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What is the Meaning of Probability?

What is the meaning of probabilistic statements; how do we interpret the statement that the probability of a flipped coin coming up heads is $1/2$? There are two interpretations. The most commonly used interpretation is that the probability of an event is the expected frequency that the event occurs. In other words, if you were to do an experiment many times, the average number of times which you get a particular result is the probability of that result (more strictly, this ratio tends to the probability of the result in the limit of a large number of experiments). Probability used in this way is called objective probability, as it is based on the view that probability can be measured objectively via experiments. This is also called the frequency interpretation. The objective interpretation is appropriate if there is a definite probabilistic process which generates the outcomes. If you do a number of experiments, the number of times an outcome occurs divided by the number of experiments is an estimate of this true probability of the process. The estimate approaches the true probability as the number of experiments goes to infinity.

For example of coin flipping, you may believe that the process is fundamentally random with fixed probability. To estimate the probability of a coin coming up heads, flip it 100 times, say, and take ratio of the number of heads to the total number of flips. For any particular trial, this would not come out exactly $1/2$. Sometimes it would come out $52/100$, sometimes $49/100$, and so forth. However, as the number of flips got bigger and bigger, this ratio come closer and closer to $1/2$, if that is the true probability.

Objective probabilities can be computed as frequencies. A common situation is one in which you would like to compute the probability of a particular outcome $x_1$. Suppose there are $n$ possible outcomes, all equally likely, and $n_1$ possible ways of getting the outcome $x_1$. Then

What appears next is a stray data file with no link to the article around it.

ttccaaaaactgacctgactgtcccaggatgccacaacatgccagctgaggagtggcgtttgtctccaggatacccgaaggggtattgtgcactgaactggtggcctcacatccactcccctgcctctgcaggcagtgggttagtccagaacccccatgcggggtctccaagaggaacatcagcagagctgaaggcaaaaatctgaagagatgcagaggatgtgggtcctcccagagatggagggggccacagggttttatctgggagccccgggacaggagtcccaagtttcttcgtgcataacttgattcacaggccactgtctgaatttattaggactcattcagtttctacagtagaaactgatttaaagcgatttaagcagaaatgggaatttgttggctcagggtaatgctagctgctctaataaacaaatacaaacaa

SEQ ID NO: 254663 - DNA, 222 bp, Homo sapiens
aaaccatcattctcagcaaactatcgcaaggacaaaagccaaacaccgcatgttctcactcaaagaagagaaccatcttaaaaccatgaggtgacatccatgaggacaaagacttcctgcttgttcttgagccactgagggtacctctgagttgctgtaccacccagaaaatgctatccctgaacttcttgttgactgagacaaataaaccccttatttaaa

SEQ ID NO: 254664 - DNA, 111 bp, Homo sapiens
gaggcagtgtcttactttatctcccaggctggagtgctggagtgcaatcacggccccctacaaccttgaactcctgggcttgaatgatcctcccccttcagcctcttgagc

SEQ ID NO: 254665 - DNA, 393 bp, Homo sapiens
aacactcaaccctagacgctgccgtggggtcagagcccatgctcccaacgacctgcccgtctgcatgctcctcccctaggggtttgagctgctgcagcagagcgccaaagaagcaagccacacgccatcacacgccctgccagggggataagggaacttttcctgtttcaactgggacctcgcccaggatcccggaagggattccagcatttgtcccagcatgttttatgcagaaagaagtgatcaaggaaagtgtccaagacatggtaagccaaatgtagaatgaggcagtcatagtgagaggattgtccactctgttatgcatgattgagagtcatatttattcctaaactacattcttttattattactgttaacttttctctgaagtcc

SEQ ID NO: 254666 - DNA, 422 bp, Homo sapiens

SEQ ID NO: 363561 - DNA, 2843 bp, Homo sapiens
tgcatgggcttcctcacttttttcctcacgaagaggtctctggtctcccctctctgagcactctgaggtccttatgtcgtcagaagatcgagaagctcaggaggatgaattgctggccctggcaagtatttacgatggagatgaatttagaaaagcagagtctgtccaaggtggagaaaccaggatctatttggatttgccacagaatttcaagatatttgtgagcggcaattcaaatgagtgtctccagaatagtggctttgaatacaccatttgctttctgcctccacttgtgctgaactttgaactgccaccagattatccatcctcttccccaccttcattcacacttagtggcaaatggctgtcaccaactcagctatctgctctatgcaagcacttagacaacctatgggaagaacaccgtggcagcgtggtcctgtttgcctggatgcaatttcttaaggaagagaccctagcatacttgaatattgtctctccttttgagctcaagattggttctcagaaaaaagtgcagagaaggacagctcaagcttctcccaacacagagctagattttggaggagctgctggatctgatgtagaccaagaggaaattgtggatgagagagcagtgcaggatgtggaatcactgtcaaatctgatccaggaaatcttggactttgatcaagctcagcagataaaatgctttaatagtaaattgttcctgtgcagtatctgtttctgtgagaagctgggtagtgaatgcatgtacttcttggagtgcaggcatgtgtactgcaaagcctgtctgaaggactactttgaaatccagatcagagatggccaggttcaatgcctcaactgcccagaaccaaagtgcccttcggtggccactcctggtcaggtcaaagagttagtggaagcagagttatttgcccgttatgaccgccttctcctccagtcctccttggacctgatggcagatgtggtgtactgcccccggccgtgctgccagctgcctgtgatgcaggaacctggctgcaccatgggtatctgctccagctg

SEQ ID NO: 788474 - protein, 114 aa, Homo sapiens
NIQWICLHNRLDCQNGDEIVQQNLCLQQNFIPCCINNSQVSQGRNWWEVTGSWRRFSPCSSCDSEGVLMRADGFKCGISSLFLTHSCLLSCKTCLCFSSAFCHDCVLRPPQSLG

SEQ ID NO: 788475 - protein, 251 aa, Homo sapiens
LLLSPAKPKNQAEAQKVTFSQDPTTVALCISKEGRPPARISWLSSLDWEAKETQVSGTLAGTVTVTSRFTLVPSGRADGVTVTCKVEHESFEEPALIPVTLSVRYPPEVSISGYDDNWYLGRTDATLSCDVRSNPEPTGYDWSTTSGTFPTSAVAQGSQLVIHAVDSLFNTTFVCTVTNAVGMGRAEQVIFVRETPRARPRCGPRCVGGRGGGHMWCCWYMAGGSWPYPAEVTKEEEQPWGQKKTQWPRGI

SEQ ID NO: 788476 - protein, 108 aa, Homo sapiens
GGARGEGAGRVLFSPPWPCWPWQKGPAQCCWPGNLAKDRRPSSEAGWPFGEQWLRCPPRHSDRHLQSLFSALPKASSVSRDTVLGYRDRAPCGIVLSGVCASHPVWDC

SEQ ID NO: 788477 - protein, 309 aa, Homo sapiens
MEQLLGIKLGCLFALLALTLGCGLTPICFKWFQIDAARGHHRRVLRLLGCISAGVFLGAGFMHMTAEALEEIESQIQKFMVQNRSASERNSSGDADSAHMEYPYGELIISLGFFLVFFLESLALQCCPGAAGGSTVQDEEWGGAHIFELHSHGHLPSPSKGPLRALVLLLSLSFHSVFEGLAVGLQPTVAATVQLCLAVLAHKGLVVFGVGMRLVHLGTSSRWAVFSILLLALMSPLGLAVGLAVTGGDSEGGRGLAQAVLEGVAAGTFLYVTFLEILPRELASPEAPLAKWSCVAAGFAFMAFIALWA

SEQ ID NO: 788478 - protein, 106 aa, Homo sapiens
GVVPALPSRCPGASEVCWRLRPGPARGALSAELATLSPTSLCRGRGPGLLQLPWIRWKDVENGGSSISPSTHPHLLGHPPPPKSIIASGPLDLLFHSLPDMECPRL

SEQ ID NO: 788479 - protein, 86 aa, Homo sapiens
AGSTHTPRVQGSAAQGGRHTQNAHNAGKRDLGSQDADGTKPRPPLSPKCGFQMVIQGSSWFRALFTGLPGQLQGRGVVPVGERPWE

\begin{displaymath}P(x_1) = \frac{n_1}{n}.\end{displaymath}

What is the probability of rolling a pair of dice so that the dots on the upward faces total to 7?

There are 36 different rolls of the dice. There are 5 ways to total to 7. Thus, assuming that each outcome is equally likely, the probability is 5/36.

There is a second interpretation of probability, called subjective probability. It will not be used much in this course, but you may see it in later courses on artificial intelligence. This interprets probability as degree of belief. In this interpretation, when I say that the probability that a flipped coin will come up heads it $1/2$, I am not describing the results of any experiments (necessarily). I am saying that I believe that the coin is equally likely to come up heads as tails. This interpretation makes sense of situations in which there may be no way of getting an estimate of a ``true'' probability by repeated trials. As examples, a doctor may say that the probability of a treatment curing you is 80% or a meteorologist may say that the probability of rain tomorrow is 60%. It is not possible to generate many sick copies of you and measure the fraction cured, nor are we able to generate many copies of today and measure the frequency of rainy tomorrows. These experts are telling you something about the strength of their belief in a given outcome.

You may wonder why belief should behave like frequencies. Why should the same rules of calculation be used for belief as for objective probability? There is an argument which says that it is sensible for beliefs to behave this way. Take the case of the doctor. The doctor may require a very accurate measure of the likelihood of the outcome, because decisions will be made on the basis of it. For example, the amount of time and money will the doctor be willing to spend on treating you may depend on this likelihood. Thus, the doctor's beliefs may be measurable from this behaviour. If the doctor's beliefs satisfy the laws of probability, the doctor may spend money and time sensibly; if the beliefs violate basic probability rules, the doctor might not use time and money sensibly. (This notion is usually stated in terms of betting behaviour. The doctor's belief's can be determined by setting betting odds with the doctor; if these beliefs violate rules of probability, you can design a set of bets which will cause the doctor to lose money no matter what the outcomes. This is a so-called Dutch Book. See the text ``Artificial Intelligence'', by Ian Pratt, for a good exposition of this view.) Thus, probability theory gives a formalism for quantifying beliefs in a sensible way. More than that, it gives a way of combining beliefs with objective evidence.

Viewed this way, Bayes rule can be taken as a way of updating beliefs due to new evidence. If $b$ is a belief in some classification or prediction, etc and $x$ is the evidence, Bayes rule is expressed as

\begin{displaymath}P(b \vert x) = P(x \vert b)P(b)/P(x).\end{displaymath}

The prior, $P(b)$ is your prior belief, that is, what you think the likelihood of each possibility is prior to receiving the evidence. This formula tells how you should change your belief after receiving the evidence $x$. What might seem to be nice about this is that you can give a computer or an automated system ``beliefs'', and those beliefs can change based on new evidence. Whether humans actually update belief in this way is another matter. Whether humans should update belief in this way is another matter again.

next up previous
Next: Estimating Probabilities from Data Up: A Primer on Probability Previous: Rules of Probability Calculation
Jon Shapiro